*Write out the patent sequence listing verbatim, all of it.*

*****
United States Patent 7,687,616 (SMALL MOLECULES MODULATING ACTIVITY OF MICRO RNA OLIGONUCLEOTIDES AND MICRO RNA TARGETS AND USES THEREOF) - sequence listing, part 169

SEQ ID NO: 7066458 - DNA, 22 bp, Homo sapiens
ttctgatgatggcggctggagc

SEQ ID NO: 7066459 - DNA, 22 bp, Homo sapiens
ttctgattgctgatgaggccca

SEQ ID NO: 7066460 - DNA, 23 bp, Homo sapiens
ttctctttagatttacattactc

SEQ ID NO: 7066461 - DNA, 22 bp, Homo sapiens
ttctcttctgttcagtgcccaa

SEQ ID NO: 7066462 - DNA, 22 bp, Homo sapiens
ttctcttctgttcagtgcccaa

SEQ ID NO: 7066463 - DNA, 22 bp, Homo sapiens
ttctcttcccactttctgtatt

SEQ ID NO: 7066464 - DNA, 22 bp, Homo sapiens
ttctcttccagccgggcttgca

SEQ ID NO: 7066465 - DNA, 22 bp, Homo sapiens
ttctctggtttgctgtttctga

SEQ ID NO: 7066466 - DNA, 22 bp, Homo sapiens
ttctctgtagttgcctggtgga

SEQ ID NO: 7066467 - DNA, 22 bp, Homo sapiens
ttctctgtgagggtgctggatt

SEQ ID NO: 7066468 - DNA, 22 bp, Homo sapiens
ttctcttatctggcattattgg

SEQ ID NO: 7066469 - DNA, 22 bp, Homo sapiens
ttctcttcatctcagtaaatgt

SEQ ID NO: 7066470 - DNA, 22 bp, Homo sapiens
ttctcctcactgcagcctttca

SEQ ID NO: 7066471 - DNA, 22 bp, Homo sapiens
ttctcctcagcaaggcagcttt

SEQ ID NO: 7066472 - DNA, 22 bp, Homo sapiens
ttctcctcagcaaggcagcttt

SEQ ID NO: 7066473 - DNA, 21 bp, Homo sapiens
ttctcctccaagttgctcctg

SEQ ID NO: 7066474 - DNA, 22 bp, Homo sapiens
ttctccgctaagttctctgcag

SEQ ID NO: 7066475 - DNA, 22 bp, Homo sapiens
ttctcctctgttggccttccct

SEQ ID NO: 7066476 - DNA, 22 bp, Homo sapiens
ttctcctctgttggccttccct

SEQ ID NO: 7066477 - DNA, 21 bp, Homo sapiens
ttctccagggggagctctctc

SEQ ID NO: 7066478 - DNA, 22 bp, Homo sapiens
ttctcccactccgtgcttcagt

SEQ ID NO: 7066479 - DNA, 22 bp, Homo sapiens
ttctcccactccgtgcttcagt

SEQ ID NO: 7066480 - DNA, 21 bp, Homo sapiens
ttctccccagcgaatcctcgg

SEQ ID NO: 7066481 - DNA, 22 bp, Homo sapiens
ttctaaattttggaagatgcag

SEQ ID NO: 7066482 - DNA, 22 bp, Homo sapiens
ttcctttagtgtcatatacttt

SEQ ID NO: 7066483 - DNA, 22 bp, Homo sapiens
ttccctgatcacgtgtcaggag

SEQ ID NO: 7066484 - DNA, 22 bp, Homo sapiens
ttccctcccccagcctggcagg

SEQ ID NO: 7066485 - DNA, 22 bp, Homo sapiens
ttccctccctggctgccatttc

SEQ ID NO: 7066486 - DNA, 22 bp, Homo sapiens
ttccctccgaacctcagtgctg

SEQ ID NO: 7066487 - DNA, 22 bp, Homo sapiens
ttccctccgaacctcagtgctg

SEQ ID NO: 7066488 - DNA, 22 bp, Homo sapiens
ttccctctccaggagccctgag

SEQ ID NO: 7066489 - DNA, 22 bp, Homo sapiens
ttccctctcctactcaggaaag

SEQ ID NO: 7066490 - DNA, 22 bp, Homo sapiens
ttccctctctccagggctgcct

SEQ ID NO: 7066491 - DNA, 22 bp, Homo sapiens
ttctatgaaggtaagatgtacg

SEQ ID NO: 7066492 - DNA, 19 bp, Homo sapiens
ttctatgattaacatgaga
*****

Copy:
United States Patent 7,687,616 (SMALL MOLECULES MODULATING ACTIVITY OF MICRO RNA OLIGONUCLEOTIDES AND MICRO RNA TARGETS AND USES THEREOF) - sequence listing, part 169

SEQ ID NO: 7066458 - DNA, 22 bp, Homo sapiens
ttctgatgatggcggctggagc

SEQ ID NO: 7066459 - DNA, 22 bp, Homo sapiens
ttctgattgctgatgaggccca

SEQ ID NO: 7066460 - DNA, 23 bp, Homo sapiens
ttctctttagatttacattactc

SEQ ID NO: 7066461 - DNA, 22 bp, Homo sapiens
ttctcttctgttcagtgcccaa

SEQ ID NO: 7066462 - DNA, 22 bp, Homo sapiens
ttctcttctgttcagtgcccaa

SEQ ID NO: 7066463 - DNA, 22 bp, Homo sapiens
ttctcttcccactttctgtatt

SEQ ID NO: 7066464 - DNA, 22 bp, Homo sapiens
ttctcttccagccgggcttgca

SEQ ID NO: 7066465 - DNA, 22 bp, Homo sapiens
ttctctggtttgctgtttctga

SEQ ID NO: 7066466 - DNA, 22 bp, Homo sapiens
ttctctgtagttgcctggtgga

SEQ ID NO: 7066467 - DNA, 22 bp, Homo sapiens
ttctctgtgagggtgctggatt

SEQ ID NO: 7066468 - DNA, 22 bp, Homo sapiens
ttctcttatctggcattattgg

SEQ ID NO: 7066469 - DNA, 22 bp, Homo sapiens
ttctcttcatctcagtaaatgt

SEQ ID NO: 7066470 - DNA, 22 bp, Homo sapiens
ttctcctcactgcagcctttca

SEQ ID NO: 7066471 - DNA, 22 bp, Homo sapiens
ttctcctcagcaaggcagcttt

SEQ ID NO: 7066472 - DNA, 22 bp, Homo sapiens
ttctcctcagcaaggcagcttt

SEQ ID NO: 7066473 - DNA, 21 bp, Homo sapiens
ttctcctccaagttgctcctg

SEQ ID NO: 7066474 - DNA, 22 bp, Homo sapiens
ttctccgctaagttctctgcag

SEQ ID NO: 7066475 - DNA, 22 bp, Homo sapiens
ttctcctctgttggccttccct

SEQ ID NO: 7066476 - DNA, 22 bp, Homo sapiens
ttctcctctgttggccttccct

SEQ ID NO: 7066477 - DNA, 21 bp, Homo sapiens
ttctccagggggagctctctc

SEQ ID NO: 7066478 - DNA, 22 bp, Homo sapiens
ttctcccactccgtgcttcagt

SEQ ID NO: 7066479 - DNA, 22 bp, Homo sapiens
ttctcccactccgtgcttcagt

SEQ ID NO: 7066480 - DNA, 21 bp, Homo sapiens
ttctccccagcgaatcctcgg

SEQ ID NO: 7066481 - DNA, 22 bp, Homo sapiens
ttctaaattttggaagatgcag

SEQ ID NO: 7066482 - DNA, 22 bp, Homo sapiens
ttcctttagtgtcatatacttt

SEQ ID NO: 7066483 - DNA, 22 bp, Homo sapiens
ttccctgatcacgtgtcaggag

SEQ ID NO: 7066484 - DNA, 22 bp, Homo sapiens
ttccctcccccagcctggcagg

SEQ ID NO: 7066485 - DNA, 22 bp, Homo sapiens
ttccctccctggctgccatttc

SEQ ID NO: 7066486 - DNA, 22 bp, Homo sapiens
ttccctccgaacctcagtgctg

SEQ ID NO: 7066487 - DNA, 22 bp, Homo sapiens
ttccctccgaacctcagtgctg

SEQ ID NO: 7066488 - DNA, 22 bp, Homo sapiens
ttccctctccaggagccctgag

SEQ ID NO: 7066489 - DNA, 22 bp, Homo sapiens
ttccctctcctactcaggaaag

SEQ ID NO: 7066490 - DNA, 22 bp, Homo sapiens
ttccctctctccagggctgcct

SEQ ID NO: 7066491 - DNA, 22 bp, Homo sapiens
ttctatgaaggtaagatgtacg

SEQ ID NO: 7066492 - DNA, 19 bp, Homo sapiens
ttctatgattaacatgaga